9. ^ Elena Dikun, The Kremlin Sets About Cleaning Up the Airwaves Archived 17 October 2006 at the Wayback Machine, The Jamestown Foundation Prism, Volume 6, Issue 9, 30 September 2000. Accessed online 23 April 2008.
  10. ^ Andrei Zolotov Jr. and Simon Saradzhyan, Dorenko Program Has Plug Pulled, The St. Petersburg Times, Issue #602, 12 September 2000. Accessed online 23 April 2008.
  11. ^ ORT officials accused of contraband and evading customs tariffs Archived 22 November 2006 at the Wayback Machine, The Jamestown Foundation Monitor, Volume 7, Issue 2, 3 January 2001. Accessed online 23 April 2008.
  12. ^ (in Russian) Владимир Прибыловский (Vladimir Pribylovsky), Юрий Фельштинский (Yuri Felshtinsky), Операция "Наследник" (Operatsya "Naslednik", "Operation 'Heirs'"), online excerpt from the book Штрихи к политическому портрету В. В. Путина (Shchtrihi k politicheskomu portretu V. V. Putina, "Sketches toward a political portrait of Vladimir Putin"). Accessed 23 April 2008.
  13. ^ For example, see Index on Censorship Volume 37, Number 1, 2008, issue entitled "How Free is the Russian Media?"
  14. ^ (1) (in Russian) Как делали провокацию по Лукашенке (ОРТ) Archived 10 February 2007 at the Wayback Machine (Kak delali provokatsi po Lukashchenke (ORT), "How they provoked on Lukashenko (ORT)"),
    (2) (in Russian) video (in Russian) Archived 23 March 2007 at the Wayback Machine (FLV file)
    (3) (in Russian) text of original speech in Russian Archived 19 May 2007 at the Wayback Machine (ITAR-TASS)
  15. ^ How Russian TV uses psychology over Ukraine, BBC News (4 February 2015)
  16. ^ a b Russia having success in hybrid war against Germany by Lucian Kim (February 7, 2016)
  17. ^ "Дорогой Леонид Ильич Брежнев снова с нами". Novaya Gazeta.
  18. ^ "Покушение на Победу. Полемическое обозрение" [Assassination Attempt on Victory. Polemic Review]. Sovetskaya Rossiya. 21 October 2004.
  19. ^ "Сергей Есенин на Первом канале: Пальцы в рот - и весёлый свист?" [Sergei Yesenin on Channel One: Fingers in the mouth - and a happy whistle?]. Комсомольская правда. 7 November 2005.
  20. ^ ""Ненаучная фантастика": Историки о сериалах "Демон революции" и "Троцкий"" ["Unscientific fiction": Historians about the series "Demon of the Revolution" and "Trotsky"] (in Russian). Kinopoisk.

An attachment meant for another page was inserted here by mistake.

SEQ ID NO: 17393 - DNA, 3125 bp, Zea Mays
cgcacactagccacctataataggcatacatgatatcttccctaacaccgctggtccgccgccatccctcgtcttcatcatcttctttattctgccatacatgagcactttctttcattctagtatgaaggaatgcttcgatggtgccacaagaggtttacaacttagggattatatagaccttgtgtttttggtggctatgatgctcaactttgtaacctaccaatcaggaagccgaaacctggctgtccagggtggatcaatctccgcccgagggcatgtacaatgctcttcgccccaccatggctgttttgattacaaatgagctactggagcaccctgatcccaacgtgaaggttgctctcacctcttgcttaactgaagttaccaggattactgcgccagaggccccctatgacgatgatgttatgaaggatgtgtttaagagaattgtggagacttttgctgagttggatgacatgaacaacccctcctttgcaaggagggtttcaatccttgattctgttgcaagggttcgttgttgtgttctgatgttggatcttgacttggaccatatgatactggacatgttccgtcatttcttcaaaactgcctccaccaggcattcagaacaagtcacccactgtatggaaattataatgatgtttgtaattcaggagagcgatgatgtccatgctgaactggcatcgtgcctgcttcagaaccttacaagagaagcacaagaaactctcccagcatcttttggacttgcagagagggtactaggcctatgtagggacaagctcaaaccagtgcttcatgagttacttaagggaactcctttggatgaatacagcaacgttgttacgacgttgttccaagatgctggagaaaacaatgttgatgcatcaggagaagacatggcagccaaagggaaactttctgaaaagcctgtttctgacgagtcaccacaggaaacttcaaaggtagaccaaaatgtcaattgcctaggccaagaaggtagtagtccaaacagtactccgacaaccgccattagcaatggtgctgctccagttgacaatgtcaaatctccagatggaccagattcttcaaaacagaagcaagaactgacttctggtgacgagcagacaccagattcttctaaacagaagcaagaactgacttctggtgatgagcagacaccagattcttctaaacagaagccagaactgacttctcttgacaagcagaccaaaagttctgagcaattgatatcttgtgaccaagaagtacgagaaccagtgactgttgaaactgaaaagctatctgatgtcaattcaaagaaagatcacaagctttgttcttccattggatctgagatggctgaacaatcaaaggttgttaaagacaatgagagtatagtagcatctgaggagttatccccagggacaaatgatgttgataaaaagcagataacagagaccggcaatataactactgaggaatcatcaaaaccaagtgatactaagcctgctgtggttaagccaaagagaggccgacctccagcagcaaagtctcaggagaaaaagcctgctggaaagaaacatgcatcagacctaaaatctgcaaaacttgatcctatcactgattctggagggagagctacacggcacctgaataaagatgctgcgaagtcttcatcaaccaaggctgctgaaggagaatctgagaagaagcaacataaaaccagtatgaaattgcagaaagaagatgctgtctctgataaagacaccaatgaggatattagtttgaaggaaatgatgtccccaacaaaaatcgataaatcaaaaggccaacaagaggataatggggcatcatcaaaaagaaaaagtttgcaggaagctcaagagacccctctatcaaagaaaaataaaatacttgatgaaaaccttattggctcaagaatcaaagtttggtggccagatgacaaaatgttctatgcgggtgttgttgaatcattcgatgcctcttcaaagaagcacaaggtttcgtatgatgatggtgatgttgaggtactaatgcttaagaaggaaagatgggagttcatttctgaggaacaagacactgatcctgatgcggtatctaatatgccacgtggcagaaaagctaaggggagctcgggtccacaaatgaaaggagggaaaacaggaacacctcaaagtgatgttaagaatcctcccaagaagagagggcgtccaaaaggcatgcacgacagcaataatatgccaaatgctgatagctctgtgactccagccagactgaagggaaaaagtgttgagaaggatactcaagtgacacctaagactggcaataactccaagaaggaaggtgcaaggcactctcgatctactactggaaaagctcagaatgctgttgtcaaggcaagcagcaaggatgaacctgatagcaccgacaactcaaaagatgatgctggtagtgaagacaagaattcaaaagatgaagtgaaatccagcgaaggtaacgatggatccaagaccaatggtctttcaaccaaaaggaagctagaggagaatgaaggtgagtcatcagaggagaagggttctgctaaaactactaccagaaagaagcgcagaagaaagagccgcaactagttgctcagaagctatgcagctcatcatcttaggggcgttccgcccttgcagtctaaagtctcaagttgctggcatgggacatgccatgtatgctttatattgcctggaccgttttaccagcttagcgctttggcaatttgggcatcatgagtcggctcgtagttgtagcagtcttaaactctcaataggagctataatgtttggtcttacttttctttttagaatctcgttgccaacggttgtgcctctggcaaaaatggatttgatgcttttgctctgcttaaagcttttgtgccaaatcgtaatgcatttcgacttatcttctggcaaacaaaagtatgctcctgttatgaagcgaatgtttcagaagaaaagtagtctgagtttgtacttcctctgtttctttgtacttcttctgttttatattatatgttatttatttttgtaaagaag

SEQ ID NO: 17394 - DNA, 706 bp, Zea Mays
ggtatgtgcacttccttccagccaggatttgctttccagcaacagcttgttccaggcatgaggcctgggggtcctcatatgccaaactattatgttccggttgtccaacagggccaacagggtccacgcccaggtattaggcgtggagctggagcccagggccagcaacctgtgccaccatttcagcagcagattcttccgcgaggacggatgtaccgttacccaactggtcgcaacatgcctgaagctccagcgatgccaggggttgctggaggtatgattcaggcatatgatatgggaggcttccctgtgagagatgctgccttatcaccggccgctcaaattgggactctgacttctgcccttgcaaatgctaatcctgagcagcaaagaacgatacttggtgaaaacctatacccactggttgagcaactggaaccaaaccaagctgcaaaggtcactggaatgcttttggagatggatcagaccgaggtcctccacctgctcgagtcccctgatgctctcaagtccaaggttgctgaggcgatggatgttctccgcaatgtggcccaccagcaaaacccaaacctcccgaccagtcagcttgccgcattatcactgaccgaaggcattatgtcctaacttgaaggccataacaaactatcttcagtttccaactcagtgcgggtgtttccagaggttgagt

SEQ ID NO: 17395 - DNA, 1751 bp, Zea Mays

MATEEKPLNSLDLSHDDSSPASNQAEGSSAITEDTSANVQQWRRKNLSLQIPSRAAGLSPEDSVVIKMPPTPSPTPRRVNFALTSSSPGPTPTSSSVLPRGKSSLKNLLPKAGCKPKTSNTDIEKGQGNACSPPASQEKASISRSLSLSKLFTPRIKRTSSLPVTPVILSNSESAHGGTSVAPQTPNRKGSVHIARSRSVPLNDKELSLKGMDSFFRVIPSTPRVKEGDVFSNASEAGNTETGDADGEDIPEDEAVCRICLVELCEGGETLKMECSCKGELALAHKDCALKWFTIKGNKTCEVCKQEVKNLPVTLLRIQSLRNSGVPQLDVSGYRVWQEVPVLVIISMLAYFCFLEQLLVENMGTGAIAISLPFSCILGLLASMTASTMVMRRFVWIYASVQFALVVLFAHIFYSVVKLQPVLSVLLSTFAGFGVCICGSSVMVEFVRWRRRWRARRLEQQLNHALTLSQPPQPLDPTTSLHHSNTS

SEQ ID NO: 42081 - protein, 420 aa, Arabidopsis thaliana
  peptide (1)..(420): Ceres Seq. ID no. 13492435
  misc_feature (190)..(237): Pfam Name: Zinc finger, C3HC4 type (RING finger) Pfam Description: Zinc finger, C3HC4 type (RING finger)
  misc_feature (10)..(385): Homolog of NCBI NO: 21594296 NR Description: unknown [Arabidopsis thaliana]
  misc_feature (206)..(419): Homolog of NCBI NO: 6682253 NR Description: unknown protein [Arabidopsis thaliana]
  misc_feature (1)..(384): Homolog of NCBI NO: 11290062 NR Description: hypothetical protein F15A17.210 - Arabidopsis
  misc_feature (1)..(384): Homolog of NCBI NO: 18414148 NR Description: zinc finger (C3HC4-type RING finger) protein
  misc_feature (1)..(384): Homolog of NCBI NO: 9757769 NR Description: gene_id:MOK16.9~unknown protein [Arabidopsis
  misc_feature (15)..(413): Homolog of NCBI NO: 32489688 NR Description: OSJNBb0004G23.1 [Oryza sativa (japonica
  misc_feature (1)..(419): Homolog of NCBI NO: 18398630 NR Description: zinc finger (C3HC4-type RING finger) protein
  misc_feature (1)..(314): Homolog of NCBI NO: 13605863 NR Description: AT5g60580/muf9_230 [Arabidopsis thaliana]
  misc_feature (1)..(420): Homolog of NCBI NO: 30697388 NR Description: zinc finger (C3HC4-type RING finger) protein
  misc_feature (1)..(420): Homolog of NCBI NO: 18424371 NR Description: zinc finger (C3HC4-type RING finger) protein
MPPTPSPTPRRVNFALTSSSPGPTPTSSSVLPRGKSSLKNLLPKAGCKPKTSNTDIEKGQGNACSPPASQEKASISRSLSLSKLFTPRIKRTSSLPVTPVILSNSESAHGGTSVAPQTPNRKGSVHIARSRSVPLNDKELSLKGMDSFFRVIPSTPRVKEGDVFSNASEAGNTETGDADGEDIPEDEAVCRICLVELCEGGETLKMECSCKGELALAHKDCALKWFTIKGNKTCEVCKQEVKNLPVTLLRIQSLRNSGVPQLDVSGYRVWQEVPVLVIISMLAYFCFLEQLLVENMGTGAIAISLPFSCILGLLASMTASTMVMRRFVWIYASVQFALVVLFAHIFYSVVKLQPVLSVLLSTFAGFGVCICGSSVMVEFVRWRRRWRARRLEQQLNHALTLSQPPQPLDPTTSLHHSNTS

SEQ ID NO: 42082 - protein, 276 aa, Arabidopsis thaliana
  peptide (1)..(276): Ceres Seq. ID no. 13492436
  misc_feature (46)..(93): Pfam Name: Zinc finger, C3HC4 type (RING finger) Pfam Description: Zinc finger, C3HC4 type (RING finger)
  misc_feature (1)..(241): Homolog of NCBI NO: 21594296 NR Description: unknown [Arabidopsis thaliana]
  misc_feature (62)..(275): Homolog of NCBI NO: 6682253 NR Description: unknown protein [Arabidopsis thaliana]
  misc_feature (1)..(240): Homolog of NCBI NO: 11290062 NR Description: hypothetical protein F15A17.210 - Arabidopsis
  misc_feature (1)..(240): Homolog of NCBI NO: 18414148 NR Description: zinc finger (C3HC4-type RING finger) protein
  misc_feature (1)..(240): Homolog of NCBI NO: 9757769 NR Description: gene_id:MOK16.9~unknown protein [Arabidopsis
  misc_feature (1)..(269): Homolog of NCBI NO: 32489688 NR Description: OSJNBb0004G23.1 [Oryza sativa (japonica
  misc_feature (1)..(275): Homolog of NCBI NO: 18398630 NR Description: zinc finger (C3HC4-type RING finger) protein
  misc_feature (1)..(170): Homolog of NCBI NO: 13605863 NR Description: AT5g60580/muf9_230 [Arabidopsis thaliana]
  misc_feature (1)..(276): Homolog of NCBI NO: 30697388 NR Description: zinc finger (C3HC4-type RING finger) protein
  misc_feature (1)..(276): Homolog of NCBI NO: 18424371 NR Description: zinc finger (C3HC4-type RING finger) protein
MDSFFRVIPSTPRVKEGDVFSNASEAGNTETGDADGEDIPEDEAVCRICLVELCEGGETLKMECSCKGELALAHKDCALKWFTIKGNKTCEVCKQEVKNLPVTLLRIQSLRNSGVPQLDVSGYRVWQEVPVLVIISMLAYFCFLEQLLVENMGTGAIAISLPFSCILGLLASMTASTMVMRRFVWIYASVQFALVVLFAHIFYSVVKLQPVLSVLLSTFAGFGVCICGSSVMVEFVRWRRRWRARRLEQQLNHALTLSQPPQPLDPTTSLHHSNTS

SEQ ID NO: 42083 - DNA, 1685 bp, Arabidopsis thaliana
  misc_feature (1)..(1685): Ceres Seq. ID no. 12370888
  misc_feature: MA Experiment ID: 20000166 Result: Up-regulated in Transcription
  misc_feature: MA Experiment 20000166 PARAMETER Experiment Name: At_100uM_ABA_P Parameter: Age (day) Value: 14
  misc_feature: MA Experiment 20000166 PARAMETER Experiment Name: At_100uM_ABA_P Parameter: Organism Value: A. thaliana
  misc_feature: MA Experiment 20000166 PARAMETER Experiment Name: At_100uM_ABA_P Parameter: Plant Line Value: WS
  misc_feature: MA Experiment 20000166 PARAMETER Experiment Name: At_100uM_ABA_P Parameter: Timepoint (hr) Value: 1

21. ^ (in Russian) Григорий Цветков (Grigory Tsvetkov), Шоковый рейтинг Archived 20 January 2008 at the Wayback Machine (Shchokvy Reiting, "Shock Rating"), Izvestia, 16 January 2008.
  22. ^ (in Russian) Первый канал – Форум – Первый канал представляет... – В Эфире Первого канала... – Здоровье с Еленой Малышевой (Pervy kanal — forum — Pervy Kanal predstavlyaet... – V Efire Pervogo kanala — Zdoroviye s Yelenoy Malyshchevoy, "Channel One — Forum — Channel One is... – Health with Yelena Malysheva). Forum on Channel 1's website. Accessed 22 April 2008.
  23. ^ (in Russian) Ведущая «Здоровья» Елена Малышева: «Мы не убиваем крыс в эфире» (Bedushchaya «Zdovоv'ya» Elena Malysheva: «Mi nye ubivaem kris v efire», "Head of Health Elena Malysheva: «We do not kill rats on the air», Аргументы и факты, (Argumenty i Fakty). Date not given, no longer accessible online 25 April 2008. All or part of the commentary article appears to be reproduced at
  24. ^ (in Russian) Человек Среды (Chelovek Sred'), Убить за рейтинг Archived 21 February 2008 at the Wayback Machine (Ubit' za reiting, "Kill for the rating"), Росбалт (Posbalt), 18 January 2008. Accessed 22 April 2008.
  25. ^ (in Russian) Статья 245 УК РФ. Жестокое обращение с животными (Stat'ya 245 UK RF. Zhestokoe obrashchenie s zhivothimy, "Article 245 CCRF. Ill-treatment of animals"). Online at Accessed 22 April 2008.